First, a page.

Flat, pancake-sized metalens images lunar surface in an engineering first

A black and white, close up photograph of the moon

By Mariah R. Lucas

UNIVERSITY PARK, Pa. — Astronomers and amateurs alike know the bigger the telescope, the more powerful the imaging capability. To keep the power but streamline one of the bulkier components, a Penn State-led research team created the first ultrathin, compact metalens telescope capable of imaging far-away objects, including the moon.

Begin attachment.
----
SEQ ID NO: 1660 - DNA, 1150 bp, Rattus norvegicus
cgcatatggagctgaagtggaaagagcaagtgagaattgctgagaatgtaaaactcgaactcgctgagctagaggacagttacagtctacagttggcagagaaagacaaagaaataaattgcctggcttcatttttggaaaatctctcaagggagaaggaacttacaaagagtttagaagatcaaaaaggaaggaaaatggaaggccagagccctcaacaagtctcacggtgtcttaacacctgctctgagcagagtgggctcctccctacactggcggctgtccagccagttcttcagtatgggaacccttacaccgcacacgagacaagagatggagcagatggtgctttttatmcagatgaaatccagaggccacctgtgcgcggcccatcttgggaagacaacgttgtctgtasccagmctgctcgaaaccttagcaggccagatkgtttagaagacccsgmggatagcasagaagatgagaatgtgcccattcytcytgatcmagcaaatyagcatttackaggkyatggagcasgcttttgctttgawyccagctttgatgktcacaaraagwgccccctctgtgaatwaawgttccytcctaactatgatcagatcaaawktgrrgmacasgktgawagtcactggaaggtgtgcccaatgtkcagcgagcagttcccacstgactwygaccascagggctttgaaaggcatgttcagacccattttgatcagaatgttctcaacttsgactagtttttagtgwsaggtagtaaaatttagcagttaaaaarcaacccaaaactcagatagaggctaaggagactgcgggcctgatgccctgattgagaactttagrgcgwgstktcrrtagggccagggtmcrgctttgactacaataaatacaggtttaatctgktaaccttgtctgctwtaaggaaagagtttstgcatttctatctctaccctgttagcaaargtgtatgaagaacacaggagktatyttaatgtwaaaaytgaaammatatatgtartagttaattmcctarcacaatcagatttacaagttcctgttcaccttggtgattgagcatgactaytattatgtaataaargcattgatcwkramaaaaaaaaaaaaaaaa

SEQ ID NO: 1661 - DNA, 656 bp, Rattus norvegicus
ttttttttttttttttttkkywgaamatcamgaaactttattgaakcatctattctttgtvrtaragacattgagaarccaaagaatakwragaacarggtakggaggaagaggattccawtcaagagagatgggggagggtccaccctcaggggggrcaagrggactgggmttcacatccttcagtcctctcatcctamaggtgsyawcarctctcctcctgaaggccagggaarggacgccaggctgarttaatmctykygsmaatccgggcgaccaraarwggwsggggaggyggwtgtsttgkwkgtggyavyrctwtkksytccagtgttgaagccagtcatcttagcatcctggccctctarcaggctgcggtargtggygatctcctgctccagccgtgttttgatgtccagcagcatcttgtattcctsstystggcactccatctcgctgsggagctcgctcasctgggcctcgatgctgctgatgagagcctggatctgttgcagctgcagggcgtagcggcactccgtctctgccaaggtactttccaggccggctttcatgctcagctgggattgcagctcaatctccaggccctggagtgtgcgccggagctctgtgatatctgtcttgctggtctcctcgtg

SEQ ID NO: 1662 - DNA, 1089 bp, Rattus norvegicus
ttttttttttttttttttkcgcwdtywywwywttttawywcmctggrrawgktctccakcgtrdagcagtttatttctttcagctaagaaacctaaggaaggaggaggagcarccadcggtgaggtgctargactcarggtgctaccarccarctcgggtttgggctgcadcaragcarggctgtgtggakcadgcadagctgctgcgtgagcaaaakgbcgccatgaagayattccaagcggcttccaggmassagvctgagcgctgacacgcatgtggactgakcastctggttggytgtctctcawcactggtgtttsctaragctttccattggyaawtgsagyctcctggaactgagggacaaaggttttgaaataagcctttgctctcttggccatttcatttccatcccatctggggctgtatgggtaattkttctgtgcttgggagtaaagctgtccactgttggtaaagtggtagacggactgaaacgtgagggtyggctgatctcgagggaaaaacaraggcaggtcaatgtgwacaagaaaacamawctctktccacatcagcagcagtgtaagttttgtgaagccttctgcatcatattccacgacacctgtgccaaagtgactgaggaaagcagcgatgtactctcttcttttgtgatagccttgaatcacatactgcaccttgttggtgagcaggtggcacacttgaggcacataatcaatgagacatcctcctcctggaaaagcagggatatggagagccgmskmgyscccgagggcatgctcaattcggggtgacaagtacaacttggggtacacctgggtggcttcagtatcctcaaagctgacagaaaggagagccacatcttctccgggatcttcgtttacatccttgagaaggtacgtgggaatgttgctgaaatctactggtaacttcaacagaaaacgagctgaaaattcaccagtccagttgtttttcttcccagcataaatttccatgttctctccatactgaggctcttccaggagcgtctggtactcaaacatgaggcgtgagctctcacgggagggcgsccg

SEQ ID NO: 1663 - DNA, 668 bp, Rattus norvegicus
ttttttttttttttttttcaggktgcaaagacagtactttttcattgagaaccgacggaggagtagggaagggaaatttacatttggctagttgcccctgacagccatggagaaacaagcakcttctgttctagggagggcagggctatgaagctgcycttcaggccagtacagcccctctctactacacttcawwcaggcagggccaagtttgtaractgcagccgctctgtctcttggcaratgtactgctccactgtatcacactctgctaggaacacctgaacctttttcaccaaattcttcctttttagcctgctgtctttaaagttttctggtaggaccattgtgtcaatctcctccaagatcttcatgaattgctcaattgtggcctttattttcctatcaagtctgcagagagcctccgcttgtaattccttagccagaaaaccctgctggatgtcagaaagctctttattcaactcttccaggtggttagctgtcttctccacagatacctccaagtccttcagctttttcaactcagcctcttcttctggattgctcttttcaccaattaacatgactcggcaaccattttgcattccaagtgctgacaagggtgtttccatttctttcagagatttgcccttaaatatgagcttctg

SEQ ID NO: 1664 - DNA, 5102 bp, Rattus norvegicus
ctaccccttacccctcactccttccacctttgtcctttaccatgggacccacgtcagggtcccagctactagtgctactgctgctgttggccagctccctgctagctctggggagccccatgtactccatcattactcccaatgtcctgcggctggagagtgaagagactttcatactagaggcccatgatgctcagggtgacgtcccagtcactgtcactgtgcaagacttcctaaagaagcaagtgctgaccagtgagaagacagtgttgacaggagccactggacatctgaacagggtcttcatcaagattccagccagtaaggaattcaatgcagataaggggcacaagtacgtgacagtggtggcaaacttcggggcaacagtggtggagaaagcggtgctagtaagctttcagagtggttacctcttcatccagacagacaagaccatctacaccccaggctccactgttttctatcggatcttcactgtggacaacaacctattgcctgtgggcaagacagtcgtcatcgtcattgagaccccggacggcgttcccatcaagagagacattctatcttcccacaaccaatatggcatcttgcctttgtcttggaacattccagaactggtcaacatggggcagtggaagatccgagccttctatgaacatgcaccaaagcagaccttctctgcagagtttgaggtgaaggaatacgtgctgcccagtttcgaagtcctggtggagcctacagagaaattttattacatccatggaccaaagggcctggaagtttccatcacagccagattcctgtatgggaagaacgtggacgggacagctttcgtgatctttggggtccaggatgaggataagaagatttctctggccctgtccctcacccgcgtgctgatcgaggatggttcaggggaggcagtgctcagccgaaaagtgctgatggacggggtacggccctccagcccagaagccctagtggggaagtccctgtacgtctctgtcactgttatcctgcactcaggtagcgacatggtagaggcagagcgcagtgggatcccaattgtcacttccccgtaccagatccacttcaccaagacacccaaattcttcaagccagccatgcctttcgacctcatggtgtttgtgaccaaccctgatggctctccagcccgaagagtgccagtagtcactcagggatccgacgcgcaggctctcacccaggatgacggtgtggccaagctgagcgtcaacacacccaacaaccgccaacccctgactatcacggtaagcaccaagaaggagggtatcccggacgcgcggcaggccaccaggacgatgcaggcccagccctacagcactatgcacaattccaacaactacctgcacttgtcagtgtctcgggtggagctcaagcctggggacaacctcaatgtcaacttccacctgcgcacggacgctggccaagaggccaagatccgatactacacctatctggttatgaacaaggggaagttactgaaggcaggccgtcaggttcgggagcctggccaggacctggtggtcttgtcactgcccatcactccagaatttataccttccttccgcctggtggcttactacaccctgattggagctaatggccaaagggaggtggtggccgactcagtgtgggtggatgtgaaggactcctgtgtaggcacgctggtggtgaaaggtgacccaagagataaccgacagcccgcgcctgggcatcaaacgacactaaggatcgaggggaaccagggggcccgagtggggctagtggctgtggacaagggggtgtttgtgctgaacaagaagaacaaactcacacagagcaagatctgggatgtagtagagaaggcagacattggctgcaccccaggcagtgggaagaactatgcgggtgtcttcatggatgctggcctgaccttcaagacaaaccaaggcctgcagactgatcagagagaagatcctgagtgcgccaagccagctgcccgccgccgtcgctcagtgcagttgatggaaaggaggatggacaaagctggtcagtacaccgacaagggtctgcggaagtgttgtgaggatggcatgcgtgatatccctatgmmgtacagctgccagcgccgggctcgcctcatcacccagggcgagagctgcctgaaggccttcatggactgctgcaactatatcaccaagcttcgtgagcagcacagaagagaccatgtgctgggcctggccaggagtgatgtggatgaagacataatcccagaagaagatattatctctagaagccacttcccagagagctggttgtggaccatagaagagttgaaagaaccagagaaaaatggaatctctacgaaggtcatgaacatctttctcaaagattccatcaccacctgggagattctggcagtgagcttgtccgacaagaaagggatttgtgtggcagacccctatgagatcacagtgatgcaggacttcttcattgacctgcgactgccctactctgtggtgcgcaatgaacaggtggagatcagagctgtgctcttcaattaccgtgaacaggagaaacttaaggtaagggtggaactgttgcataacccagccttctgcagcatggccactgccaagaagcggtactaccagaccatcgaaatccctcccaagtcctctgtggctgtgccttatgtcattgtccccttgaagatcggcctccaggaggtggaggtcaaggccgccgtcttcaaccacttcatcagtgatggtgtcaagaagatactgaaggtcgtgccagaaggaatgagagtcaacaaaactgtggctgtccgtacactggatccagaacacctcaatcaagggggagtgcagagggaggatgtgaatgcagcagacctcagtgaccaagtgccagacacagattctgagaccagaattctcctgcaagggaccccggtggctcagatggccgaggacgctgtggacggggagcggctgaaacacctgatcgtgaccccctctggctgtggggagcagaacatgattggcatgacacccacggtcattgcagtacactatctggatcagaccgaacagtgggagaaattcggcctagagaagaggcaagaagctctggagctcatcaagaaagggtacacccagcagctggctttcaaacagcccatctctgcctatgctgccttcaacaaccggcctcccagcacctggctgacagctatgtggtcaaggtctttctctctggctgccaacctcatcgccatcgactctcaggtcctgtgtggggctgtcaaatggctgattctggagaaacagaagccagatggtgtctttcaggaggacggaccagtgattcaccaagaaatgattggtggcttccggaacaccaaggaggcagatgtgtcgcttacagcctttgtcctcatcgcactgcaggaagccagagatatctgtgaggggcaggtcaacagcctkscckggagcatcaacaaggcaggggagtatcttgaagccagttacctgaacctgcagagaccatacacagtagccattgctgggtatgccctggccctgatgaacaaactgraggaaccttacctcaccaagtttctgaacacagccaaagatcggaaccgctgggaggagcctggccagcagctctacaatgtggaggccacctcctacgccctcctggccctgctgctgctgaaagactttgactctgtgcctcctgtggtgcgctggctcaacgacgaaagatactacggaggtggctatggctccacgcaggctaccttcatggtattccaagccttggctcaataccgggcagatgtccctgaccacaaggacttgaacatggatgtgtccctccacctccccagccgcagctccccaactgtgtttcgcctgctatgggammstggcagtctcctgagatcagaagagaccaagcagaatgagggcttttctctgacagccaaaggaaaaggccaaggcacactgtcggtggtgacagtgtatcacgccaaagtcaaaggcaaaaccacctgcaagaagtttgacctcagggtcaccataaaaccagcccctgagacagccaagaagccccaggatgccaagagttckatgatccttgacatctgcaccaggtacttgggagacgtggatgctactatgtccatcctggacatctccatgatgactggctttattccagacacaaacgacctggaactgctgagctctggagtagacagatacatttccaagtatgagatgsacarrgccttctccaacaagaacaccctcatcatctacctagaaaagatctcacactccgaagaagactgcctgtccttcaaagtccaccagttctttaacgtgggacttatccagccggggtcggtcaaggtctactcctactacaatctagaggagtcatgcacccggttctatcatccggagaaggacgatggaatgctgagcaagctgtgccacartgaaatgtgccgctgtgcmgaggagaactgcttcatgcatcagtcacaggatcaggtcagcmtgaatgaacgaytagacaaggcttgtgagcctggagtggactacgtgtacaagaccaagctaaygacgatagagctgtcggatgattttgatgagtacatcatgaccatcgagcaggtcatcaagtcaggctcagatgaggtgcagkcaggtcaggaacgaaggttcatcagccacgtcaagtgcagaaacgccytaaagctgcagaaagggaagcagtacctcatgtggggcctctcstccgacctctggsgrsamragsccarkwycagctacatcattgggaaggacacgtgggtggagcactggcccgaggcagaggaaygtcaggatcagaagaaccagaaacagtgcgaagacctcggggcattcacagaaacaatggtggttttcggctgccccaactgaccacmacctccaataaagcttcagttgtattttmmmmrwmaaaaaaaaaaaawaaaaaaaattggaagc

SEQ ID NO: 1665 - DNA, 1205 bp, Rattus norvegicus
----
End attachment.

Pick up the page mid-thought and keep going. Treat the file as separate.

Sawyer Campbell

Sawyer Campbell

Assistant Research Professor

(e) sdc22@psu.edu
(o) 814-865-2212
327 Electrical Engineering East

Tak Sing Wong

Tak Sing Wong

Professor of Mechanical Engineering Wormley Early Career Professor

(e) tuw17@psu.edu, (e) tswong@psu.edu
(o) 814-865-6122
N-330 Millennium Science Complex

Randy McEntaffer

Randy McEntaffer

Department Head of Astronomy & Astrophysics and Professor of Astronomy & Astrophysics

(e) rlm90@psu.edu
(o) 814-863-6091
526 Davey Lab

John Asbury

John Asbury

Professor of Chemistry

(e) jba11@psu.edu, (e) jasbury@psu.edu
(o) 814-863-6309
112 Chemistry Building